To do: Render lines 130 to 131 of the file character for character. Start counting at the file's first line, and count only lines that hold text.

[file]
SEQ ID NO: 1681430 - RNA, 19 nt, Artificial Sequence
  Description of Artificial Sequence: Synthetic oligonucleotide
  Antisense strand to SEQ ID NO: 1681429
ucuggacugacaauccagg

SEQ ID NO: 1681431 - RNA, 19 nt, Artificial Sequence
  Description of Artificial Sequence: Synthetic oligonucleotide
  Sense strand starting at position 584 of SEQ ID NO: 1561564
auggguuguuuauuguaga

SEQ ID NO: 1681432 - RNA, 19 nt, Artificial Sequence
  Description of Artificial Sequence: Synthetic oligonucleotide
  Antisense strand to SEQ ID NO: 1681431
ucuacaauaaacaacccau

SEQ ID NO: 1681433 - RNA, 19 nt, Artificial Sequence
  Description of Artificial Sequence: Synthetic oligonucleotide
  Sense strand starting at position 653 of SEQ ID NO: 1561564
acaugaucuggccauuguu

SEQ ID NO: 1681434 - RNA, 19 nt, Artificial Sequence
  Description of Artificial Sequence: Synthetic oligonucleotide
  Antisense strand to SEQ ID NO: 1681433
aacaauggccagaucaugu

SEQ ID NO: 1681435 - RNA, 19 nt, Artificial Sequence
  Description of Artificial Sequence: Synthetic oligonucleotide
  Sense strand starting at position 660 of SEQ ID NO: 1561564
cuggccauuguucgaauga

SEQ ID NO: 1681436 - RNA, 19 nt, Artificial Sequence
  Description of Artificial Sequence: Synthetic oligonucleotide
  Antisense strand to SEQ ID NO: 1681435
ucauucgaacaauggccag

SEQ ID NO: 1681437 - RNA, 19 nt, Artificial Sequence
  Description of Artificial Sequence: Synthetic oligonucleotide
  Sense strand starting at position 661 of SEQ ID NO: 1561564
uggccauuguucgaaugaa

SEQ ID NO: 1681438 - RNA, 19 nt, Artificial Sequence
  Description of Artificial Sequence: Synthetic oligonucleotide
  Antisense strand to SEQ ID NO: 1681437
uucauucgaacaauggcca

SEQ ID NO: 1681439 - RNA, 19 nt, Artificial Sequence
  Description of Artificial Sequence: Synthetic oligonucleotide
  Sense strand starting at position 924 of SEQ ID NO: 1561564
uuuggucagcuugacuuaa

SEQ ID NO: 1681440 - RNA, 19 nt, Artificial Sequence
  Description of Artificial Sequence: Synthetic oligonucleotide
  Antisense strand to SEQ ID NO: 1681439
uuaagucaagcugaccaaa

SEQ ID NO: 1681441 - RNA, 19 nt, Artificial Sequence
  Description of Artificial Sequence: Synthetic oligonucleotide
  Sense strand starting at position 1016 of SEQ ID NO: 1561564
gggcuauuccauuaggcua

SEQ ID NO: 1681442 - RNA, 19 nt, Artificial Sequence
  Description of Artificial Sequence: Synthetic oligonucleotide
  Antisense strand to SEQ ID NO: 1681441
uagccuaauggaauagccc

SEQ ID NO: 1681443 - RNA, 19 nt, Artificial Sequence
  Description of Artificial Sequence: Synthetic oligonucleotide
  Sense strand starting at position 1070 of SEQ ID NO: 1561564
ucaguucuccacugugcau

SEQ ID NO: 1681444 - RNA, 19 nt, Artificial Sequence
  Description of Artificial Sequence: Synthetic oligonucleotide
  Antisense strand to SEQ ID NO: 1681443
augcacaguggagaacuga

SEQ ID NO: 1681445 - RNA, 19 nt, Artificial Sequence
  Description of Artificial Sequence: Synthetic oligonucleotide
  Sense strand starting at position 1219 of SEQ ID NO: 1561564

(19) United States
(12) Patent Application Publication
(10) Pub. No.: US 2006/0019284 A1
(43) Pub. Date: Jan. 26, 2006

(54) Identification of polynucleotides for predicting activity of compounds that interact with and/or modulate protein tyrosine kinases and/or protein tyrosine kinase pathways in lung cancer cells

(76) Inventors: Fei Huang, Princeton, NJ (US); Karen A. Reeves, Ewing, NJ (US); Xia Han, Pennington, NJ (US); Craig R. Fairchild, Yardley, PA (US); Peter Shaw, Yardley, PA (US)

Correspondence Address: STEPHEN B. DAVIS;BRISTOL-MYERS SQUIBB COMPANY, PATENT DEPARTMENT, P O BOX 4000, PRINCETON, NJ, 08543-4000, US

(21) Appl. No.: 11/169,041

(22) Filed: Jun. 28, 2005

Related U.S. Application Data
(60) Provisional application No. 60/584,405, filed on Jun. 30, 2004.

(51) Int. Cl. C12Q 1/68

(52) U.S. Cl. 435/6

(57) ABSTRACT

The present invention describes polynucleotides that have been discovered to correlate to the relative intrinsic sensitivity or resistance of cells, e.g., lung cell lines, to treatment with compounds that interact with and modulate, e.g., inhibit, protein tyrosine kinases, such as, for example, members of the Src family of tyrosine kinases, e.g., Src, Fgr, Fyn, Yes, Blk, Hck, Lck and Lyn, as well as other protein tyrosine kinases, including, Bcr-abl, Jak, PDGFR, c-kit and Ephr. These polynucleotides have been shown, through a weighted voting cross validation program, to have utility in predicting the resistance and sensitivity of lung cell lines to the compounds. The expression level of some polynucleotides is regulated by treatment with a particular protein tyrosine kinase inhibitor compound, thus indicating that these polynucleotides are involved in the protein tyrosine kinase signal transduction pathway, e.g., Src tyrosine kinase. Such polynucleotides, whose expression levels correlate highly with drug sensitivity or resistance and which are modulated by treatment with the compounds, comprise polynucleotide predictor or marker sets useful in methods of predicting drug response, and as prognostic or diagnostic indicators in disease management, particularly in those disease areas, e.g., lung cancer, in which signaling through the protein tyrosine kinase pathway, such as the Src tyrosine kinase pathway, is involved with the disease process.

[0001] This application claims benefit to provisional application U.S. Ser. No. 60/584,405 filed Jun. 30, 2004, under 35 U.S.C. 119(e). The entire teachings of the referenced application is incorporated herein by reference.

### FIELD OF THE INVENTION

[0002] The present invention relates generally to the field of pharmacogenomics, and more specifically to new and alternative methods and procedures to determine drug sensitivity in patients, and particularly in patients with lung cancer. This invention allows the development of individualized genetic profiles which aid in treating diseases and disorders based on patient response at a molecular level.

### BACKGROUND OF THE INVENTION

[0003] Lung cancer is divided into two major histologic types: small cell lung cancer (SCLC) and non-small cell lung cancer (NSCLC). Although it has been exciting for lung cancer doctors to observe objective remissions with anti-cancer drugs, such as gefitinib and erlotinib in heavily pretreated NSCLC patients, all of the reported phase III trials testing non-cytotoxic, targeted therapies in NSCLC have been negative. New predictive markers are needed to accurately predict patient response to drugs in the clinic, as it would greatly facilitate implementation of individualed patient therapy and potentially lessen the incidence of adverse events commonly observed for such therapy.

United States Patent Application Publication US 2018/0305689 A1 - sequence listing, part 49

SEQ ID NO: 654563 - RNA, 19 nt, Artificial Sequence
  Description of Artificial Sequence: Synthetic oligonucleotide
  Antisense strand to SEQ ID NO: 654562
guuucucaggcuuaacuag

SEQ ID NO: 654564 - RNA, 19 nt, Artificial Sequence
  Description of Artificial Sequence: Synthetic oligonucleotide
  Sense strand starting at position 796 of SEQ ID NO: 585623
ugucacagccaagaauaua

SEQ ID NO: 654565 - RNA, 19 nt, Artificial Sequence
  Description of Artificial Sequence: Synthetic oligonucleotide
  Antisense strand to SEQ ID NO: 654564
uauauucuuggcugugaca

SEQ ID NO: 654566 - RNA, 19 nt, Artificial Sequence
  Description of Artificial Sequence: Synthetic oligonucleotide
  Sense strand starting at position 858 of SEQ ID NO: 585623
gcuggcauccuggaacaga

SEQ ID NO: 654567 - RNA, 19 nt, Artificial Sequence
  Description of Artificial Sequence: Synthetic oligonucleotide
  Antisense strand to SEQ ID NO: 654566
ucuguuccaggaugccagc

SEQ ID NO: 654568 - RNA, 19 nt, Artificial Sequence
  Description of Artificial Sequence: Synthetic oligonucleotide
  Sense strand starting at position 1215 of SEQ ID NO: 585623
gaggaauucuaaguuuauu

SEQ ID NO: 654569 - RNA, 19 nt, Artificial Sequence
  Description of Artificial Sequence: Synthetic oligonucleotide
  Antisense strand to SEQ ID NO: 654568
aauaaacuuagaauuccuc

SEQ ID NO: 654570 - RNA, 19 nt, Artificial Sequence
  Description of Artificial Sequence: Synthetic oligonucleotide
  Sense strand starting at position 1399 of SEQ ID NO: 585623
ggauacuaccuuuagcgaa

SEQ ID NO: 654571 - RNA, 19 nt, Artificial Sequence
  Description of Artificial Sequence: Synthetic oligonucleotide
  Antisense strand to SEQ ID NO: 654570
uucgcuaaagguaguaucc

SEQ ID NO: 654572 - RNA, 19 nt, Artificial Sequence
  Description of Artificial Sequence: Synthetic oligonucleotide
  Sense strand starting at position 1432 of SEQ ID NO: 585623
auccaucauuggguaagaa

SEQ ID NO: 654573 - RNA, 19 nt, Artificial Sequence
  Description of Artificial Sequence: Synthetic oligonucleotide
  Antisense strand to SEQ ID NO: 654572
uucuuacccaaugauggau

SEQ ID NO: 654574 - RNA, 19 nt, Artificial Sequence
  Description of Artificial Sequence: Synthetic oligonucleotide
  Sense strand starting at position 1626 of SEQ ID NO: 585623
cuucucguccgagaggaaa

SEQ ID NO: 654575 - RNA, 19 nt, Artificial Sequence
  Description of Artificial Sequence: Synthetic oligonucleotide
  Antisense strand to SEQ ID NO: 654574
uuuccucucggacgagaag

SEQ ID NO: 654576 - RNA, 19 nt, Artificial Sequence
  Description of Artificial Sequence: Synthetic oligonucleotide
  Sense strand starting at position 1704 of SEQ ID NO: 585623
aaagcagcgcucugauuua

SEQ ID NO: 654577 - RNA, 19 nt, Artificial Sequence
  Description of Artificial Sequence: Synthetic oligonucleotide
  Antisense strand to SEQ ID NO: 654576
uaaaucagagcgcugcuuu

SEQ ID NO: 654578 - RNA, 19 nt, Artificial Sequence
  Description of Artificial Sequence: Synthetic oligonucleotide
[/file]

  Description of Artificial Sequence: Synthetic oligonucleotide
  Sense strand starting at position 1626 of SEQ ID NO: 585623